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A glimpse of iOS Memory Deep Dive


This is an pretty good session about iOS memory. iOS Memory Deep Dive - WWDC 2018 - Videos - Apple Developer. I saw it and took some notes here.

Not all memory is created equal.

There are dirty memory, clean memory, compressed memory in iOS system. We have to know the differences between them.


Page is typically 16KB in size and operating system gives it to you when your app requests memory.

memory in use = number of pages x page size 


Some pages can hold multiple objects, and some objects
can span multiple pages.

Pages Types

  • Clean

    • Data that can be paged out of memory
    • Memory mapped files
    • frameworks*
  • Dirty

    • memory written by an app
    • all heap allocations
    • decoded image buffers
  • Comporessed

There is no traditional disk swap in iOS

Memory compressor

The system will do the compression and decompression for you by memory compressor.

What does Memory compressor do?

  • Compresses unaccessed pages
  • Decompresses pages upon access

Before being compressed:


After being compressed:

When you got Memory warning, you App is not always the cause. Maybe because the compressor freeing memory. Like, you receiving a phone call while using the App.

After being decompressed:


After removing objects in didReceiveMemoryWarning



  • Trade-offs between CPU and memory. Caching can reduce the CPU usage and time complexity, but it costs memory.
  • Remember the compressor. When decompressing, the used memory will be increased.
  • Prefer NSCache over dictionary.

Memory Profile

It is the dirty size + the compressed size that the system uses to determine how much memory the app is really using.

We should mainly focuse on these two part, dirty and compressed memory when analyzing the memory profile.

Tools for Profiling Footprint

  1. Xcode memory gauge

  2. Instruments

  • Allocations
  • Leaks
  • VM Tracker
    • providing profiles for dirty and compressed memories.
    • 69341a61.png
  • Virtual memory trace
    • 1ca65c7e.png
  1. Debugger
  2. memory graph


working with memory graph using commands


vmmap helps to show some dirty memory info of your app. In general, we should look for the big number for the size.
There are virtual size, resident size, dirty size, swapped size columns here.

According to this session, we can ignore the virtual size, because it is memory requested by the app, while not neccessarily be used. swapped size is related to compressed memory. So we should care more about dirty size and swapped size.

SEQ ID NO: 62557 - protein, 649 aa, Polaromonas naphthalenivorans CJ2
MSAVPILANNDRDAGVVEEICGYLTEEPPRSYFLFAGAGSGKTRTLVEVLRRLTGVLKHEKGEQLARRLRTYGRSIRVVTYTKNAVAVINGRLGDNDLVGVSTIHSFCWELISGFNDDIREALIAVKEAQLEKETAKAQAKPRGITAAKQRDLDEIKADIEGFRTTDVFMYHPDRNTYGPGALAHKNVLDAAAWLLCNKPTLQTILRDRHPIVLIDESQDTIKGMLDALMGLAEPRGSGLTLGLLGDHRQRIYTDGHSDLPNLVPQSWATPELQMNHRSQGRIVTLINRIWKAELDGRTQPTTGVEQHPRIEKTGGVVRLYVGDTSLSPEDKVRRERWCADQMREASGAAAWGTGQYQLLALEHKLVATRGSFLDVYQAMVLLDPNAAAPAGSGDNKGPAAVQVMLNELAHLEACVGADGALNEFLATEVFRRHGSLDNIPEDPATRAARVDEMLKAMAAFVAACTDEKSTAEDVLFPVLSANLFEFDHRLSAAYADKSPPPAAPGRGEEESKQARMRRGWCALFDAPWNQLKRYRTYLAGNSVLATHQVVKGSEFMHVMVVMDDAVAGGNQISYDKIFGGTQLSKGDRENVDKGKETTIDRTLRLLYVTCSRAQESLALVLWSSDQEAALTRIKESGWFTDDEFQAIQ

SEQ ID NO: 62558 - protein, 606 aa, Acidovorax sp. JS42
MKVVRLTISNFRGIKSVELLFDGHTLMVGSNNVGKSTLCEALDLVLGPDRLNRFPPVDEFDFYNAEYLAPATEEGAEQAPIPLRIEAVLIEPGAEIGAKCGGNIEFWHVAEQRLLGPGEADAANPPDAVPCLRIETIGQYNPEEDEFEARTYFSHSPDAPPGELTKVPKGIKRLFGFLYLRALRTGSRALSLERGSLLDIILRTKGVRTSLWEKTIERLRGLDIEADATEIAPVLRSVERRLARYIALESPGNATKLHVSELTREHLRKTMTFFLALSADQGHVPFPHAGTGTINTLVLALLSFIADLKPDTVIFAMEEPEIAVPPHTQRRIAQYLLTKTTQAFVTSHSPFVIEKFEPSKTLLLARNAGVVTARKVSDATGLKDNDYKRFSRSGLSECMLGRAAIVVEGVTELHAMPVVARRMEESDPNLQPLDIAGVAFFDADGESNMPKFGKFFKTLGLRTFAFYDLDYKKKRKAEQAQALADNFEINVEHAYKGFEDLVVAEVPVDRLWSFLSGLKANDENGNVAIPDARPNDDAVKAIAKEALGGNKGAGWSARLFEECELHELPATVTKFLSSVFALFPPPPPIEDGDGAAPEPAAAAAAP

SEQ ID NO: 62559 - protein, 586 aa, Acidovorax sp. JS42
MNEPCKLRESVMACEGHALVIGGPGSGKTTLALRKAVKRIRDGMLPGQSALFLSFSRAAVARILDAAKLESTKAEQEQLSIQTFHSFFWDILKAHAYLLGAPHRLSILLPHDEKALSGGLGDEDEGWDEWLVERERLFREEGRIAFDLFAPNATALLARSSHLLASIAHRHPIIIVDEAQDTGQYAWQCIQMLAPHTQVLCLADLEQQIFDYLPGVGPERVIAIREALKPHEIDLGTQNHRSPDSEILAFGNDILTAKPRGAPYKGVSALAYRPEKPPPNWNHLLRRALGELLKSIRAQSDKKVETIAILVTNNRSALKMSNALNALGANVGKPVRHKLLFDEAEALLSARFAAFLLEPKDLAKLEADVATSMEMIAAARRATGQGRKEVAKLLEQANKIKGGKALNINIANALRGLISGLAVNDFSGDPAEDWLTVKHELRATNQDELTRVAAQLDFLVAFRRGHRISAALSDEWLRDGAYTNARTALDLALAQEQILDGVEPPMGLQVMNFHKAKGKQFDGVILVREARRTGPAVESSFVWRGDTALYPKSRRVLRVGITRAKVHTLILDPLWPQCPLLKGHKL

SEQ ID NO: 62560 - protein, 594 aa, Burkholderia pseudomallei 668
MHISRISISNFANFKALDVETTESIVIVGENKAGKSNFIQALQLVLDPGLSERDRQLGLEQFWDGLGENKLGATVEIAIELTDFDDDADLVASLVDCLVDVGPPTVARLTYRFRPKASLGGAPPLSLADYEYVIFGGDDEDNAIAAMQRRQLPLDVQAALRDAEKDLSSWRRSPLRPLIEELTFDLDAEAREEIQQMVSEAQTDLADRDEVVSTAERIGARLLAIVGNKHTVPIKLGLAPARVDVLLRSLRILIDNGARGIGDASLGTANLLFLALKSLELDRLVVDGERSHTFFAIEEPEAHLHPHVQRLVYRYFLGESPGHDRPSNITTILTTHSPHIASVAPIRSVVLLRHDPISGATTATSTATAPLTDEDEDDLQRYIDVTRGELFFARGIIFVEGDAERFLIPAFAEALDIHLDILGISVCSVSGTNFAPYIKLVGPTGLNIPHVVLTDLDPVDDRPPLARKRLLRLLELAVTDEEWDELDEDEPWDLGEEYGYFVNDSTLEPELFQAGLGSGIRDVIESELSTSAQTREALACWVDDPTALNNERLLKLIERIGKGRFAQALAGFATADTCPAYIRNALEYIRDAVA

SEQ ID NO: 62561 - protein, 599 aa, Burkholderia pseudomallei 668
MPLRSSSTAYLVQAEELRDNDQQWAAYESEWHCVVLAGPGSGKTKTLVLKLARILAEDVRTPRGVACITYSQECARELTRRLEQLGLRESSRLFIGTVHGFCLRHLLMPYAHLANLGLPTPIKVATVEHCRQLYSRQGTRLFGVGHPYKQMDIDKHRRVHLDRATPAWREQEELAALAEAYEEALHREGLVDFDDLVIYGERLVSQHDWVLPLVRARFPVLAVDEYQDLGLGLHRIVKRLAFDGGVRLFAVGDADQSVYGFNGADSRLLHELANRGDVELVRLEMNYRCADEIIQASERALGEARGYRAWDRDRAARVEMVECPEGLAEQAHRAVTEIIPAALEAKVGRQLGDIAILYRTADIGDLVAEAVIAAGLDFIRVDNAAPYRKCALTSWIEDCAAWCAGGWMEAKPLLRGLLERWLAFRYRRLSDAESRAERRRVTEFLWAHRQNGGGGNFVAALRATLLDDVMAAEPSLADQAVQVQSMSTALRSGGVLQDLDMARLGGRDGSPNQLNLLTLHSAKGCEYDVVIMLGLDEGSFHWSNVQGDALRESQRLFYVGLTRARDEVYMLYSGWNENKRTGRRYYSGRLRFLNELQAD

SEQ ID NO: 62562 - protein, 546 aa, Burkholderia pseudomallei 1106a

An example of using vmmap to debug a memory issue

First, we can use summary info to look for the big numbers in virtual size and swapped size colomn. Here, we find CG Image takes much more memory than others.

vmmap --summary PlanetPics.memgraph


Then, we use grep to get more info about CG Image.

There are two regions here, the last row is summary info. The secong CG Image region takes more takes more dirty and swapped memory. So we have to see more infomation of this region by using --verbose option.

All these commands can work with other shell commands, like redirecting the output stream a output.txt file.

vmmap --verbose PlanetPics.memgraph | grep " CG image" | > output.txt


And we will more regions.

It turns out that vmmap, by default, if it finds contiguous regions, it collapses. A general rule. the later region was created, the later my app’s life cycle it happened. Chance are this later region is more closely tied to whatever caused that memory pike.

So, we start to look at the last region. We can use the start memory address of the last region and search it in the memory graph in XCode.


Or use leak to get the trace tree. By scanning these info, we would find more clues.


Here, using malloc_history to see the back trace for this object, we found the related code creating this particular VM memory.


  1. vmmap and AWK

This command can work with other commands.


leaks App.memgraph

It not only shows the cycle, but also the root object of the cycle.

  • leak circle

  • root object


  • Shows objects allocated on the heap;
  • useful for indentifying large objects in memory adn what allocated it.
    heap App.memgraph
    heap App.memgraph -addresses all | <classes-pattern>

heap command shows the class name in CLASS_NAME column, the num of the class in COUNT column, the average size of the object in the AVG column, the total size in the BYTES column.

heap App.memgraph -sortBySize | > ~/output.txt



In some cases, we not only want to know the memory size, but also want to know the how it created. So, here comes the malloc_history command.

  • enable the malloc_stack logging


malloc_history App.memgraph [address]


Which tool to pick


Use vmmap and heap to find some objects or regions with big number, use leak to see references between objects, like finding circular reference; use malloc_history to see how it is created.

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